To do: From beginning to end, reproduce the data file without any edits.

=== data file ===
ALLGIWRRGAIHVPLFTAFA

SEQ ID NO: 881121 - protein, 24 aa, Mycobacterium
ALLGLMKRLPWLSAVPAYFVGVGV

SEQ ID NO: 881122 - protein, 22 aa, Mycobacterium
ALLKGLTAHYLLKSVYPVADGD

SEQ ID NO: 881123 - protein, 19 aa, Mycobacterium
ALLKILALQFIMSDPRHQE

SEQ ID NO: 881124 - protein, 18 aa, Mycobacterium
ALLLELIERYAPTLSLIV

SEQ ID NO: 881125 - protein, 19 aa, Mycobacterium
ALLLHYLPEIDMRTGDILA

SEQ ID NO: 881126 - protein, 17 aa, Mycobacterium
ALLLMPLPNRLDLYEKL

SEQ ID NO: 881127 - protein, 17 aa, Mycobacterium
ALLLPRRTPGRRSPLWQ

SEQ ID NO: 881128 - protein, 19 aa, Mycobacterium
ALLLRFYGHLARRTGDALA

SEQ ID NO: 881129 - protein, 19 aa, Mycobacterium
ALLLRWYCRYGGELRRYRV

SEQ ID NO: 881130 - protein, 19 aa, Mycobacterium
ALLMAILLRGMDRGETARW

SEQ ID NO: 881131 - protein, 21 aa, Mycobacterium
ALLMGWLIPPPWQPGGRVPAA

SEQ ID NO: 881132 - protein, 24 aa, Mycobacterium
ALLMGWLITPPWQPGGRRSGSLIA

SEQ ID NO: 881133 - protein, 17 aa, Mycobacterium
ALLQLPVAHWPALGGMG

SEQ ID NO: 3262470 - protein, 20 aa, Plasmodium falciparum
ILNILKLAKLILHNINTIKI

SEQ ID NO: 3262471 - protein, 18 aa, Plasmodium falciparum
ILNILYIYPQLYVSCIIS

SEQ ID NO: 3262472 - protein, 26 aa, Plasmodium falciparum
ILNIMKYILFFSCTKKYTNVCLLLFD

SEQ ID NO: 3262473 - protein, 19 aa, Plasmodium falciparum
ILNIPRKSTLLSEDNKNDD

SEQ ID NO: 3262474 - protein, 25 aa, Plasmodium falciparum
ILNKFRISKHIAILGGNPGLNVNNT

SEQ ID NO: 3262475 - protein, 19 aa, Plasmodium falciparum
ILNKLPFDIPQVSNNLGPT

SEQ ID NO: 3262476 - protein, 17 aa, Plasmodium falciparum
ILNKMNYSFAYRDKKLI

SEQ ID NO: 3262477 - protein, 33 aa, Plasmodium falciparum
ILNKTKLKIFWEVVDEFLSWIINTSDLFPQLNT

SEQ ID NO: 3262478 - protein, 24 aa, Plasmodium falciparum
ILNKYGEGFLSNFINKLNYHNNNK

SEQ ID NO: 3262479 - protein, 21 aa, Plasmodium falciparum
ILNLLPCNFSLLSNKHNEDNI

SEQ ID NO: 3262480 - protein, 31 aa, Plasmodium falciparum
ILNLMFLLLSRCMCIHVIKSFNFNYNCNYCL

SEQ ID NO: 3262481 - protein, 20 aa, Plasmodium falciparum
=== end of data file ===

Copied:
ALLGIWRRGAIHVPLFTAFA

SEQ ID NO: 881121 - protein, 24 aa, Mycobacterium
ALLGLMKRLPWLSAVPAYFVGVGV

SEQ ID NO: 881122 - protein, 22 aa, Mycobacterium
ALLKGLTAHYLLKSVYPVADGD

SEQ ID NO: 881123 - protein, 19 aa, Mycobacterium
ALLKILALQFIMSDPRHQE

SEQ ID NO: 881124 - protein, 18 aa, Mycobacterium
ALLLELIERYAPTLSLIV

SEQ ID NO: 881125 - protein, 19 aa, Mycobacterium
ALLLHYLPEIDMRTGDILA

SEQ ID NO: 881126 - protein, 17 aa, Mycobacterium
ALLLMPLPNRLDLYEKL

SEQ ID NO: 881127 - protein, 17 aa, Mycobacterium
ALLLPRRTPGRRSPLWQ

SEQ ID NO: 881128 - protein, 19 aa, Mycobacterium
ALLLRFYGHLARRTGDALA

SEQ ID NO: 881129 - protein, 19 aa, Mycobacterium
ALLLRWYCRYGGELRRYRV

SEQ ID NO: 881130 - protein, 19 aa, Mycobacterium
ALLMAILLRGMDRGETARW

SEQ ID NO: 881131 - protein, 21 aa, Mycobacterium
ALLMGWLIPPPWQPGGRVPAA

SEQ ID NO: 881132 - protein, 24 aa, Mycobacterium
ALLMGWLITPPWQPGGRRSGSLIA

SEQ ID NO: 881133 - protein, 17 aa, Mycobacterium
ALLQLPVAHWPALGGMG

SEQ ID NO: 3262470 - protein, 20 aa, Plasmodium falciparum
ILNILKLAKLILHNINTIKI

SEQ ID NO: 3262471 - protein, 18 aa, Plasmodium falciparum
ILNILYIYPQLYVSCIIS

SEQ ID NO: 3262472 - protein, 26 aa, Plasmodium falciparum
ILNIMKYILFFSCTKKYTNVCLLLFD

SEQ ID NO: 3262473 - protein, 19 aa, Plasmodium falciparum
ILNIPRKSTLLSEDNKNDD

SEQ ID NO: 3262474 - protein, 25 aa, Plasmodium falciparum
ILNKFRISKHIAILGGNPGLNVNNT

SEQ ID NO: 3262475 - protein, 19 aa, Plasmodium falciparum
ILNKLPFDIPQVSNNLGPT

SEQ ID NO: 3262476 - protein, 17 aa, Plasmodium falciparum
ILNKMNYSFAYRDKKLI

SEQ ID NO: 3262477 - protein, 33 aa, Plasmodium falciparum
ILNKTKLKIFWEVVDEFLSWIINTSDLFPQLNT

SEQ ID NO: 3262478 - protein, 24 aa, Plasmodium falciparum
ILNKYGEGFLSNFINKLNYHNNNK

SEQ ID NO: 3262479 - protein, 21 aa, Plasmodium falciparum
ILNLLPCNFSLLSNKHNEDNI

SEQ ID NO: 3262480 - protein, 31 aa, Plasmodium falciparum
ILNLMFLLLSRCMCIHVIKSFNFNYNCNYCL

SEQ ID NO: 3262481 - protein, 20 aa, Plasmodium falciparum